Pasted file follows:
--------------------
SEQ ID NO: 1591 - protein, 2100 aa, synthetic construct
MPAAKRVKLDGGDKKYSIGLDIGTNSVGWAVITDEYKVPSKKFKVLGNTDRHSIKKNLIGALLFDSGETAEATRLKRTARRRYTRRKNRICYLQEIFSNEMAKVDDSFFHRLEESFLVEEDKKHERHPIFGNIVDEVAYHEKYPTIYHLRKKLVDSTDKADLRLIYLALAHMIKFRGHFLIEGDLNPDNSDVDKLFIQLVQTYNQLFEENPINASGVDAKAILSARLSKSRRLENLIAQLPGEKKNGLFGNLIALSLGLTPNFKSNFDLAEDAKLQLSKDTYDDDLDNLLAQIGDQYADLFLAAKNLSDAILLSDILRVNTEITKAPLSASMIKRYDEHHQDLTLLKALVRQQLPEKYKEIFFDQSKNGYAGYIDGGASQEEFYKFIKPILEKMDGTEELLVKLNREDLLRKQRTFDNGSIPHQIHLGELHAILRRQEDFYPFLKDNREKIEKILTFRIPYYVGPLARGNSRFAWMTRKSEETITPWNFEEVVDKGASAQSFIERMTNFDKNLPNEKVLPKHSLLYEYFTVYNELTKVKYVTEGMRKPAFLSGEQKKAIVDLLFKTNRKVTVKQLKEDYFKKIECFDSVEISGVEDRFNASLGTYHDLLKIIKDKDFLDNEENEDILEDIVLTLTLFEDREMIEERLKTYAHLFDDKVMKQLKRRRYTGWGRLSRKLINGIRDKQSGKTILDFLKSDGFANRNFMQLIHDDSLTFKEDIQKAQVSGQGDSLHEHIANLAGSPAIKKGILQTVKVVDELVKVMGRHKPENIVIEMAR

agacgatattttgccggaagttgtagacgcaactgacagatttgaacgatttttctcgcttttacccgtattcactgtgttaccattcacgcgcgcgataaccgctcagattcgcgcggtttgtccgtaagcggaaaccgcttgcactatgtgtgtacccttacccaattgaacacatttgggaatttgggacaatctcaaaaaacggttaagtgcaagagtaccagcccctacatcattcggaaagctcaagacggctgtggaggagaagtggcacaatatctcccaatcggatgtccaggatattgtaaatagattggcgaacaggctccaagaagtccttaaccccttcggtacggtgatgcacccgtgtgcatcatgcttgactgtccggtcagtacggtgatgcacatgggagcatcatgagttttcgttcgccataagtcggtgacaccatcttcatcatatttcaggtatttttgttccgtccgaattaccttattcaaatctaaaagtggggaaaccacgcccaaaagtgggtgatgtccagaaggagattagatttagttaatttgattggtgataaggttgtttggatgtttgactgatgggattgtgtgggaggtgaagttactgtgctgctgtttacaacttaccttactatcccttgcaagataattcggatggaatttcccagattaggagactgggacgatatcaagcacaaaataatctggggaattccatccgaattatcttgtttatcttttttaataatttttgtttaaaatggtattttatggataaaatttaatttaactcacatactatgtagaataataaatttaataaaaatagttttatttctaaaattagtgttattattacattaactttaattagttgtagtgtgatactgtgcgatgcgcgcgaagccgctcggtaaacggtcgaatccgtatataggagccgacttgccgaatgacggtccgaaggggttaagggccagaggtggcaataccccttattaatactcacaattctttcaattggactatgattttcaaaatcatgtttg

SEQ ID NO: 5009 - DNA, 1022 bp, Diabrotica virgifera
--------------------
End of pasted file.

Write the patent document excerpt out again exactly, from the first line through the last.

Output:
SEQ ID NO: 1591 - protein, 2100 aa, synthetic construct
MPAAKRVKLDGGDKKYSIGLDIGTNSVGWAVITDEYKVPSKKFKVLGNTDRHSIKKNLIGALLFDSGETAEATRLKRTARRRYTRRKNRICYLQEIFSNEMAKVDDSFFHRLEESFLVEEDKKHERHPIFGNIVDEVAYHEKYPTIYHLRKKLVDSTDKADLRLIYLALAHMIKFRGHFLIEGDLNPDNSDVDKLFIQLVQTYNQLFEENPINASGVDAKAILSARLSKSRRLENLIAQLPGEKKNGLFGNLIALSLGLTPNFKSNFDLAEDAKLQLSKDTYDDDLDNLLAQIGDQYADLFLAAKNLSDAILLSDILRVNTEITKAPLSASMIKRYDEHHQDLTLLKALVRQQLPEKYKEIFFDQSKNGYAGYIDGGASQEEFYKFIKPILEKMDGTEELLVKLNREDLLRKQRTFDNGSIPHQIHLGELHAILRRQEDFYPFLKDNREKIEKILTFRIPYYVGPLARGNSRFAWMTRKSEETITPWNFEEVVDKGASAQSFIERMTNFDKNLPNEKVLPKHSLLYEYFTVYNELTKVKYVTEGMRKPAFLSGEQKKAIVDLLFKTNRKVTVKQLKEDYFKKIECFDSVEISGVEDRFNASLGTYHDLLKIIKDKDFLDNEENEDILEDIVLTLTLFEDREMIEERLKTYAHLFDDKVMKQLKRRRYTGWGRLSRKLINGIRDKQSGKTILDFLKSDGFANRNFMQLIHDDSLTFKEDIQKAQVSGQGDSLHEHIANLAGSPAIKKGILQTVKVVDELVKVMGRHKPENIVIEMAR

agacgatattttgccggaagttgtagacgcaactgacagatttgaacgatttttctcgcttttacccgtattcactgtgttaccattcacgcgcgcgataaccgctcagattcgcgcggtttgtccgtaagcggaaaccgcttgcactatgtgtgtacccttacccaattgaacacatttgggaatttgggacaatctcaaaaaacggttaagtgcaagagtaccagcccctacatcattcggaaagctcaagacggctgtggaggagaagtggcacaatatctcccaatcggatgtccaggatattgtaaatagattggcgaacaggctccaagaagtccttaaccccttcggtacggtgatgcacccgtgtgcatcatgcttgactgtccggtcagtacggtgatgcacatgggagcatcatgagttttcgttcgccataagtcggtgacaccatcttcatcatatttcaggtatttttgttccgtccgaattaccttattcaaatctaaaagtggggaaaccacgcccaaaagtgggtgatgtccagaaggagattagatttagttaatttgattggtgataaggttgtttggatgtttgactgatgggattgtgtgggaggtgaagttactgtgctgctgtttacaacttaccttactatcccttgcaagataattcggatggaatttcccagattaggagactgggacgatatcaagcacaaaataatctggggaattccatccgaattatcttgtttatcttttttaataatttttgtttaaaatggtattttatggataaaatttaatttaactcacatactatgtagaataataaatttaataaaaatagttttatttctaaaattagtgttattattacattaactttaattagttgtagtgtgatactgtgcgatgcgcgcgaagccgctcggtaaacggtcgaatccgtatataggagccgacttgccgaatgacggtccgaaggggttaagggccagaggtggcaataccccttattaatactcacaattctttcaattggactatgattttcaaaatcatgtttg

SEQ ID NO: 5009 - DNA, 1022 bp, Diabrotica virgifera